$10.00
Recommend
9 
 Thumb up
 Hide
7 Posts

Dog» Forums » Reviews

Subject: Cry play and let slip the Dogs of gaming! rss

Your Tags: Add tags
Popular Tags: [View All]
David
Switzerland
Buchs
St. Gallen
flag msg tools
mbmbmbmbmb
Ok this is my first attempt at a review here on BGG and I thought I'd start with one of my all time favorites. I'm not a native English speaker so if you find some mistakes you can keep them...

Heritage / Introduction
Dog is very obviously a descendant from the ancient family of cross and circle games. I think most western households will be familiar with at least on variant of these games. For anyone else here's the run down: You have four tokens that you move along a track around the board and try to be the first to get all of them into the central area of the board. If you're like me you've played such games since a young age and at some point you've realized that hoping for a good roll and (perhaps) choosing which token to move is not a particularly exciting concept anymore.

Components
Generally speaking you've got a board, four tokens per player and two standard French/Anglo-American deck of cards. Since there are numerous editions of this game the actual design and production value can differ greatly: From flimsy paper and cheap plastic to solid wood and other nicely crafted materials.

The three most common archetypes are:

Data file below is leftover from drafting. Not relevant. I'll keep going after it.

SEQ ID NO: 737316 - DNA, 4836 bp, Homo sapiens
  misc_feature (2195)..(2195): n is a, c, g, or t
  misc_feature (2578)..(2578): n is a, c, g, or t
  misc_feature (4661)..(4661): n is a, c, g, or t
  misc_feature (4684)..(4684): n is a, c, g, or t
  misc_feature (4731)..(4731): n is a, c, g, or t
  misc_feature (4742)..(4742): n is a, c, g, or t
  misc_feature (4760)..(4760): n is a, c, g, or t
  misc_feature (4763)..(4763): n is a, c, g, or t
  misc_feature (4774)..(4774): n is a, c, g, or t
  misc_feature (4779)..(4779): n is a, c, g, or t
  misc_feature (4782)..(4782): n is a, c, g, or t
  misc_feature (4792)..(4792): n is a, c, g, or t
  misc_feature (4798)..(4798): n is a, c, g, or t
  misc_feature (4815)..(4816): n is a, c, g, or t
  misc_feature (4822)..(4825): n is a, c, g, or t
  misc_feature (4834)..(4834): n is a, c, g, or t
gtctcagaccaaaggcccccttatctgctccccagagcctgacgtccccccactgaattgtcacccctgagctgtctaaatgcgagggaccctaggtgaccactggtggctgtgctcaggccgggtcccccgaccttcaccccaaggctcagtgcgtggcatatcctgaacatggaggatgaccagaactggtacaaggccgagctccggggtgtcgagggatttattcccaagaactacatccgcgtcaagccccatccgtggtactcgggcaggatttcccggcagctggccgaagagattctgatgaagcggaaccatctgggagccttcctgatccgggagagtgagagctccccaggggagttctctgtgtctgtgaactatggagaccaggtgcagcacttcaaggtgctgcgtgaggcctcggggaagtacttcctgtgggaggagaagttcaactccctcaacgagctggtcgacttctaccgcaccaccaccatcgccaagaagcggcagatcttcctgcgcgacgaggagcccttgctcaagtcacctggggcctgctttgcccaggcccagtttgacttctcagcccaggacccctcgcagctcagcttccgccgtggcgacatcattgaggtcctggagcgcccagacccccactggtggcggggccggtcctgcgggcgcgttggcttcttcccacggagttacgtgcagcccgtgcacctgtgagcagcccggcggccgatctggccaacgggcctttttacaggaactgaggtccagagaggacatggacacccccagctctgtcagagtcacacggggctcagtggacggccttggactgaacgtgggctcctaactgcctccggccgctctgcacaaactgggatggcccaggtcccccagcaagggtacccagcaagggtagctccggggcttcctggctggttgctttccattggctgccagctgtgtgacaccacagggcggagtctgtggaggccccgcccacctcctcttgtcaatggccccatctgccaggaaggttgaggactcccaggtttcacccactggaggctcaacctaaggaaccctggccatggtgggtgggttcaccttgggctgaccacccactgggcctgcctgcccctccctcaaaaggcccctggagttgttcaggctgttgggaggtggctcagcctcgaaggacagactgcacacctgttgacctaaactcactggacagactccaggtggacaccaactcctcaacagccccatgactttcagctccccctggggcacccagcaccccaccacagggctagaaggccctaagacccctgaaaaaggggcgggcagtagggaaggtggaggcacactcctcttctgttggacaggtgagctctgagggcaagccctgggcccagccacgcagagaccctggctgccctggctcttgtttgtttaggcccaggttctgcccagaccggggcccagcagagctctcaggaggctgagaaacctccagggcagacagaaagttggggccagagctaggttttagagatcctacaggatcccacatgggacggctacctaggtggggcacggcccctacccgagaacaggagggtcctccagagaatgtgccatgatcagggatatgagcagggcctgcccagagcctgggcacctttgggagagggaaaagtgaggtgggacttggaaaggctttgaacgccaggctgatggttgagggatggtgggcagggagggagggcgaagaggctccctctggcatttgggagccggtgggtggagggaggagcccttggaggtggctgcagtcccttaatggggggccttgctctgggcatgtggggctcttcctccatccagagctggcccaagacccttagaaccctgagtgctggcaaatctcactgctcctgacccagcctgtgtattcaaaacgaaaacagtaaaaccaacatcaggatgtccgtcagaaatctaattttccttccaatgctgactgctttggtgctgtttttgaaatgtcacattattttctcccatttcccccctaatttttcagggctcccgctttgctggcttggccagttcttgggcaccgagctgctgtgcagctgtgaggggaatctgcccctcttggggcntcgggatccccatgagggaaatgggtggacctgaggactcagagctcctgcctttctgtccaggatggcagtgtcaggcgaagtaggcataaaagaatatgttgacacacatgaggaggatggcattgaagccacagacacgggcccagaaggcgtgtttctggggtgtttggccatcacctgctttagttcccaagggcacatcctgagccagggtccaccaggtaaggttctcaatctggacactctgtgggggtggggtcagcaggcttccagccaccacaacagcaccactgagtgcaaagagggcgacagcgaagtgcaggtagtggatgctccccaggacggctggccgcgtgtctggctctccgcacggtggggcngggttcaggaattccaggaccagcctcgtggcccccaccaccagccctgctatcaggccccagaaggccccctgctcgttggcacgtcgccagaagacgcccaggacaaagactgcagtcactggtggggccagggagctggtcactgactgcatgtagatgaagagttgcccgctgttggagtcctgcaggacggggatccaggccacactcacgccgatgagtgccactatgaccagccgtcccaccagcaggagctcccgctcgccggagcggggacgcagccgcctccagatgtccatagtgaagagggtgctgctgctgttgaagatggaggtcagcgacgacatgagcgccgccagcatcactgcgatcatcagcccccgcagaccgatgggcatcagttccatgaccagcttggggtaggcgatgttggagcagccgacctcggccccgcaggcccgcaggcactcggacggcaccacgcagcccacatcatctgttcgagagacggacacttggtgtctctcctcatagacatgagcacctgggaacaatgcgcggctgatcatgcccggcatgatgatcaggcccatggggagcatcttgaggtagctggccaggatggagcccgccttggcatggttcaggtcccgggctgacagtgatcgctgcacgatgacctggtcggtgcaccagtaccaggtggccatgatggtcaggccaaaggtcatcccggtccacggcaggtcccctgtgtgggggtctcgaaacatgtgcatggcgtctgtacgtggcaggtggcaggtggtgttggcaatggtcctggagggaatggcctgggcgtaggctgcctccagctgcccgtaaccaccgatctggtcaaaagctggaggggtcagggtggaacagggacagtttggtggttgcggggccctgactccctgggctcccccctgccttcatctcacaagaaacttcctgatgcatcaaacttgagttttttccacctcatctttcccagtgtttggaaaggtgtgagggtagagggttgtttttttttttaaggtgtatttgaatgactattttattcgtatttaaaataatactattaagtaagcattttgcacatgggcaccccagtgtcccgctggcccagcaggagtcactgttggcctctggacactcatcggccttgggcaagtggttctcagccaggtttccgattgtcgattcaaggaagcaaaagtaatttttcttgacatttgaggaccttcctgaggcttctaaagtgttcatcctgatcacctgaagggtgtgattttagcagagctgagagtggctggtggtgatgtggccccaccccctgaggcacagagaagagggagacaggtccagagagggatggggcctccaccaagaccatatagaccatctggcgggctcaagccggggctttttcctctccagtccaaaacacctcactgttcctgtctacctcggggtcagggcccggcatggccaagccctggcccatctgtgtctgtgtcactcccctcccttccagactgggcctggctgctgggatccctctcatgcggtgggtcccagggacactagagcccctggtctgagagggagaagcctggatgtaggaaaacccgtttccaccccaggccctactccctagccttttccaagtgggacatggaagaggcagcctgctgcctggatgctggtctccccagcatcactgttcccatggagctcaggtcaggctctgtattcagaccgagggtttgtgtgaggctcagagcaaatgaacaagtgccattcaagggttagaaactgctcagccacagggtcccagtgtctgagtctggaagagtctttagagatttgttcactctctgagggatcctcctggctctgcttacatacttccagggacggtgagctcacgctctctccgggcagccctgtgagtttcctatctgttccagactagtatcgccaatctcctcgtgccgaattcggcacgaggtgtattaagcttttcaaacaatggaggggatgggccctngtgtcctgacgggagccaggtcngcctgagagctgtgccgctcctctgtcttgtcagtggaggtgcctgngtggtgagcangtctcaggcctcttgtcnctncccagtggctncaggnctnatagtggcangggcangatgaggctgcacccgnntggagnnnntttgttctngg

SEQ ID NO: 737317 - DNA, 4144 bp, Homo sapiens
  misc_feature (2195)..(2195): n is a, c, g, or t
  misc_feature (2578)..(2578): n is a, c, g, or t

* Meeple based boards.
* Holes and Pips based boards.
* Marbles and Indents based boards.

My favorite edition I played so far is the "Brändi Dog" shown in the third link. The marbles approach is very convenient to use and the layout is very clear too. The marbles stay in place well enough as long as you don't have a tap-dance competition on the same table. Pips are even better in that regard but are less elegant to move.

Gameplay
The two most important changes to more traditional variants are the use of cards instead of dice and the fact that this is a team game. But first things first...

The game is usually played with two teams of two. The members of the each team sit opposite to each other, separated by the members of the other team.

At the beginning of each round a number of cards are dealt to each player. Each of these cards has a specific function. Most of them will simply move your token along the track by a specific amount of fields (ie "8" card moves 8 fields). Some (Ace and King) will allow the player to place one of his tokens from the reserve onto the starting field on the track. And other will have various other special functions such as swapping tokens on the track. Jokers finally can be employed in the function of any other card.

After the cards of a round are dealt the members of a team secretly exchange one card each. This is one of the most interesting parts of the game. Besides giving a player with a good hand the ability to ensure his partner will be able to place a token on the track and play it also allows for much more ingenious exchanges.

Then players take turns playing a card from their hand and executing the corresponding action with their tokens. Whenever a token lands on a field occupied by another token then the stationary token is returned to the player's reserve. If a player cannot implement any of the actions on his cards he must discard his entire hand and wait for the next round of cards to be dealt.

Finally if one member of a team manages to bring all his tokens into the safe zone, he will continue to play and help move his teammate's tokens.

Variations